My Private Student Loan Added a Huge Financial Penalty to My Balance. – Janette

“Dear Steve,

I borrowed $50,000 for law school and was defaulted after paying late a couple of times while traveling for work. I lost my job soon after and was unable to pay for a period of time. The debt ballooned to $63,000, at which time I was assessed a 25% penalty for non-payment. I have never heard anyone else say that this happened to them, and I can never get an answer when I ask the servicer. It is a private loan under ECMC (Educational Credit Management Corporation), but they said “federal law” allowed them to do this.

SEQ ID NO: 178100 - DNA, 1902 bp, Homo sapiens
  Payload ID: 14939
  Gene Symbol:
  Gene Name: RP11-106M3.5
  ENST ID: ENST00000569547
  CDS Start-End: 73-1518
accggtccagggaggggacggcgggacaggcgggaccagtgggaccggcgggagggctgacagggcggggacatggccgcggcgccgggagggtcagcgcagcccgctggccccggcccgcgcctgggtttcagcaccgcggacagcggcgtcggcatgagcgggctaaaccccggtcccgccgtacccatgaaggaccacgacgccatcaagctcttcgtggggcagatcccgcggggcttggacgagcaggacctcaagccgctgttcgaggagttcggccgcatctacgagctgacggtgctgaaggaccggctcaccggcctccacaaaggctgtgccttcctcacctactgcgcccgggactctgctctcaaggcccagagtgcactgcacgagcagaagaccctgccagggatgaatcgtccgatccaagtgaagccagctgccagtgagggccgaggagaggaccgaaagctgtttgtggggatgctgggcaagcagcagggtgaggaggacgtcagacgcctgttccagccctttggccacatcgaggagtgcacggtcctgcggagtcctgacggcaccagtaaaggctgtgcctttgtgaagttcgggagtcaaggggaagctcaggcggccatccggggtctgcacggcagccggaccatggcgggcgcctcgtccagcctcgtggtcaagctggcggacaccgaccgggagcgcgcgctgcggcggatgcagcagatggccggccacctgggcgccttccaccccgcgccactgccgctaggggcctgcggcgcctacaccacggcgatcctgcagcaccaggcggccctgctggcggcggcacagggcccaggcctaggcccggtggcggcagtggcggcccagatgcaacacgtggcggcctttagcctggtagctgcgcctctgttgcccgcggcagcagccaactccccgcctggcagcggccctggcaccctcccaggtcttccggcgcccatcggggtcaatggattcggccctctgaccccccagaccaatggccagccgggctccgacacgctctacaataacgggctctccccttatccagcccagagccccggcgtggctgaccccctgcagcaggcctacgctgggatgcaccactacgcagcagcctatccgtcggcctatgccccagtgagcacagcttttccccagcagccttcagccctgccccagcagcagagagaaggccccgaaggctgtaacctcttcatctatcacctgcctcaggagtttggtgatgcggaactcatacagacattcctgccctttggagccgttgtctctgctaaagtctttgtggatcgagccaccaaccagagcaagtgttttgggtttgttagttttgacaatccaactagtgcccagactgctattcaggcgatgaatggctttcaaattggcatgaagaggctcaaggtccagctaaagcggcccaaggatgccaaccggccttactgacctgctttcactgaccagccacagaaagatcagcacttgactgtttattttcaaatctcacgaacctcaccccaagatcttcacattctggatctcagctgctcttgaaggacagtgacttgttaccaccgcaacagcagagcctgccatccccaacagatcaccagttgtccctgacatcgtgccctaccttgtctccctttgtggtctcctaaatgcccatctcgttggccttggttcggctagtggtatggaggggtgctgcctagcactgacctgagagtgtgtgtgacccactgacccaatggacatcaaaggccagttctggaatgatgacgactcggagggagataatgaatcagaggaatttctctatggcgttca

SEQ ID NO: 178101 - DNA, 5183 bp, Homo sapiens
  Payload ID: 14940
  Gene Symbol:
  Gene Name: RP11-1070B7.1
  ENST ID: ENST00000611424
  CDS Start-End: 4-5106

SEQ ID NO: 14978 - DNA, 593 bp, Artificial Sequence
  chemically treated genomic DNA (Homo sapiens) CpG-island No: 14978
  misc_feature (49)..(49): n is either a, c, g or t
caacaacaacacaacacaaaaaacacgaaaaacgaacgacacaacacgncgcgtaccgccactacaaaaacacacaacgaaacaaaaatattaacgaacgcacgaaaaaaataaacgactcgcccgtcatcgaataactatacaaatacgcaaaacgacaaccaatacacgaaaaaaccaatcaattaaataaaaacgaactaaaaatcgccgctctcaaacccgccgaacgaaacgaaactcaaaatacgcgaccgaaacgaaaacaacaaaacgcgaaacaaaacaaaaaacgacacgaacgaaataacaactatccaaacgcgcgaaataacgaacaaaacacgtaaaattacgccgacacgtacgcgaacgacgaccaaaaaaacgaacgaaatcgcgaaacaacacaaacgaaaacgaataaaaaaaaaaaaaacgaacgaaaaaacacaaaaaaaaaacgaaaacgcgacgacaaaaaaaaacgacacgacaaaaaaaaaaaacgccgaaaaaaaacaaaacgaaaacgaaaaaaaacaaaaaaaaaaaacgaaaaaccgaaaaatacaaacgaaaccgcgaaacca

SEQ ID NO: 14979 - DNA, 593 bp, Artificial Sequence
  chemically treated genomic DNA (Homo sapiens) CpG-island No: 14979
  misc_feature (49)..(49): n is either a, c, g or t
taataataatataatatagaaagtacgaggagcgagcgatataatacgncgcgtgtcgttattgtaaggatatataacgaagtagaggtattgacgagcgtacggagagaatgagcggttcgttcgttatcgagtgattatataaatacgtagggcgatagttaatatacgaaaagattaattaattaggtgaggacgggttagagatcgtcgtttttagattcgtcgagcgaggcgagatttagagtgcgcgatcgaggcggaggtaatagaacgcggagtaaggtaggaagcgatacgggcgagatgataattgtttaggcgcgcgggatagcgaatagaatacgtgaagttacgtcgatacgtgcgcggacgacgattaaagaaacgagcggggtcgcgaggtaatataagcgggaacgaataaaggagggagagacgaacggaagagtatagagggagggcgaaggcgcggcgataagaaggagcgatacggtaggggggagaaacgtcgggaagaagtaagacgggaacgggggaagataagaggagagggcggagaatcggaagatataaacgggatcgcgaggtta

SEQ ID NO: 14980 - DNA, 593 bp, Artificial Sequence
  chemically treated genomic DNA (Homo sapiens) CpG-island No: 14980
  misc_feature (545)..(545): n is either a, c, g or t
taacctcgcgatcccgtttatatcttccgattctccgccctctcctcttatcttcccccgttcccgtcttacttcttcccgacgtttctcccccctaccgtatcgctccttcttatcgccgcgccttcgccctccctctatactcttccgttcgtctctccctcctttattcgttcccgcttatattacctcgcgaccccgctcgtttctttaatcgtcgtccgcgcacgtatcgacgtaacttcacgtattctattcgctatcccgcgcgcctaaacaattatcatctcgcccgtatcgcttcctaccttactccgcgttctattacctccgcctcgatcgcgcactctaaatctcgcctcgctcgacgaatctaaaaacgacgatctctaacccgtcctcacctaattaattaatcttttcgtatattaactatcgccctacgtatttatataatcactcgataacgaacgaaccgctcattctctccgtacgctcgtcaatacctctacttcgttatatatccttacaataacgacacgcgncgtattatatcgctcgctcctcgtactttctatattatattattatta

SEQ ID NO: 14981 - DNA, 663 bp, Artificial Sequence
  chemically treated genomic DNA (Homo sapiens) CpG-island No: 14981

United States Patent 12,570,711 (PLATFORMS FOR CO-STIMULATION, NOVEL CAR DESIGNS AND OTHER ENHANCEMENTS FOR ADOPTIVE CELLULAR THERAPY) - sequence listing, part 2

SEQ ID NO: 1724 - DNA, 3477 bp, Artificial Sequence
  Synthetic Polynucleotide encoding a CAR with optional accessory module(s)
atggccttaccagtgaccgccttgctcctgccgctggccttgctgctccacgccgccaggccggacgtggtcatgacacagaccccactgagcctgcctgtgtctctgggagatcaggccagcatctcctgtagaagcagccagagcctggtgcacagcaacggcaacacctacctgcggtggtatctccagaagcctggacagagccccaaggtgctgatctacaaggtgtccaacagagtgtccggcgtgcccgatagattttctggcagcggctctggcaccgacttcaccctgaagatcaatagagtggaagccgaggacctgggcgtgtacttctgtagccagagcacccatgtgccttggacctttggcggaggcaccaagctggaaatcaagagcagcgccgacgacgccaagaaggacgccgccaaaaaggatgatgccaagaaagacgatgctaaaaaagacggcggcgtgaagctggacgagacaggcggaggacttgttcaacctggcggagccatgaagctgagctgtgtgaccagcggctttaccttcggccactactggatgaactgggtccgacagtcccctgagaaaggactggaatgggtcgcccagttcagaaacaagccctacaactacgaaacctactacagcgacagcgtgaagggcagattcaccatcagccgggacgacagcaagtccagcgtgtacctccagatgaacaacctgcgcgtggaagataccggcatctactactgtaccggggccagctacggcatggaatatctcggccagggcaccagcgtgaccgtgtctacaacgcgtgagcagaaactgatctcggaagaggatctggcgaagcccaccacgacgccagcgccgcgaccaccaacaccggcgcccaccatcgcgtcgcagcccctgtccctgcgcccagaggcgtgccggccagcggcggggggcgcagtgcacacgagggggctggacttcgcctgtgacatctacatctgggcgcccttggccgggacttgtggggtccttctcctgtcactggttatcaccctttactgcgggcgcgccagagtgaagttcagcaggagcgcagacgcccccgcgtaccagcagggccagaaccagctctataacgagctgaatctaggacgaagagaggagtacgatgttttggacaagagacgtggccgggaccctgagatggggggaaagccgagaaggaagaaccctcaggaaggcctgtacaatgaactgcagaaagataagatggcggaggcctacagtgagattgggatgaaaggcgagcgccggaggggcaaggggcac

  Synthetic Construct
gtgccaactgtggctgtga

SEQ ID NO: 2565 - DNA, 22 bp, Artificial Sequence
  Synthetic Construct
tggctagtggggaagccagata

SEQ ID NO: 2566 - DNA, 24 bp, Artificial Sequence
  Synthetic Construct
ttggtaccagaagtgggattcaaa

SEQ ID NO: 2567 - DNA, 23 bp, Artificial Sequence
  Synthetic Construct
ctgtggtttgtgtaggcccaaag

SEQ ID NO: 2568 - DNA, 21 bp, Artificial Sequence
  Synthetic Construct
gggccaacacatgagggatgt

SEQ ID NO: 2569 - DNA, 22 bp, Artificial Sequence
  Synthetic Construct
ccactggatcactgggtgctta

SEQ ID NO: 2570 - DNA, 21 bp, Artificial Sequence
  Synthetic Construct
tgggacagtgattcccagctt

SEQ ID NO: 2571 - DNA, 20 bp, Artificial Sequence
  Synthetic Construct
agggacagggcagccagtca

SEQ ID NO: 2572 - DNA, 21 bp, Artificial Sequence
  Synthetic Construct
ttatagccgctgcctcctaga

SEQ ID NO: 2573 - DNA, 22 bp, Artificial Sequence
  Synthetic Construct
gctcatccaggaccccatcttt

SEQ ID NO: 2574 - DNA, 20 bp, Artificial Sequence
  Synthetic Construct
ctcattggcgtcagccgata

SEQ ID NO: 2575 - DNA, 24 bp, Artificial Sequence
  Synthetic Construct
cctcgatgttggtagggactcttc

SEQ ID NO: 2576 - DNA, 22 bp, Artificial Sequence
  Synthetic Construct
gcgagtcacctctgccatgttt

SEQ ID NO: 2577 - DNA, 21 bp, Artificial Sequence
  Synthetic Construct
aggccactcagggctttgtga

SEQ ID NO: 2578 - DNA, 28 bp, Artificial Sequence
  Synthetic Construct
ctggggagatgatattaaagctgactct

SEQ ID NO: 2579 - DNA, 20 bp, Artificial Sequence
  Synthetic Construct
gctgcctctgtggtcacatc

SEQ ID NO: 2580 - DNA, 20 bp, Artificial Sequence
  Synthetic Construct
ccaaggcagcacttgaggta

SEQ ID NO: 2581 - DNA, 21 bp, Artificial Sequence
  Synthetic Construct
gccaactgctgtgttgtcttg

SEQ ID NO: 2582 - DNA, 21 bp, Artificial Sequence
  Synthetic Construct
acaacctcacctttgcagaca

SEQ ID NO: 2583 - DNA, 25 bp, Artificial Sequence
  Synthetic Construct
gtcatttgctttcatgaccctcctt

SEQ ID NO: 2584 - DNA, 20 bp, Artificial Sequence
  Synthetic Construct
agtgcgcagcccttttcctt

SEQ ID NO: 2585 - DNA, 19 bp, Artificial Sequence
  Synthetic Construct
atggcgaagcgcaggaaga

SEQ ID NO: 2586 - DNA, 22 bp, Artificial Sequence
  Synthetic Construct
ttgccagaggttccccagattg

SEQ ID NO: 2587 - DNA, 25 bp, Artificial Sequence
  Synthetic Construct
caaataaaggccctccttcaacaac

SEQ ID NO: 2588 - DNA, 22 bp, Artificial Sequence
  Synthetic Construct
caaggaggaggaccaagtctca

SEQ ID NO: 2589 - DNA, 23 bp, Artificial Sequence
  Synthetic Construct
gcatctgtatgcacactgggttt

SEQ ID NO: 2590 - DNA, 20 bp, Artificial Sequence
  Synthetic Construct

Is there anyway for me to try to get this penalty dropped? It seemed crazy at the time, and it seems crazier now, but I assure you it’s true. I have refused to sign any new debt contracts or loans because of this, and the servicer and I are locked in a stalemate. They have garnished my wages twice. So far, their side is winning.


Dear Janette,

Well I agree it is less common to hear about these days but some of the older loans allowed for up to a 40% penalty if the loan defaulted.

Unfortunately all the power with private student loans rests with the lender and servicer. If it was a government loan we’d have some options.

I think the best course of action is to come up with a lump-sum payment and negotiate a reduction or elimination of the penalty in exchange for the big payment. The servicer is not required to charge it but can.

Unfortunately you’ve discovered the dark side of private student loans.

Please post your responses and follow-up messages to me on this in the comments section below.


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Steve Rhode

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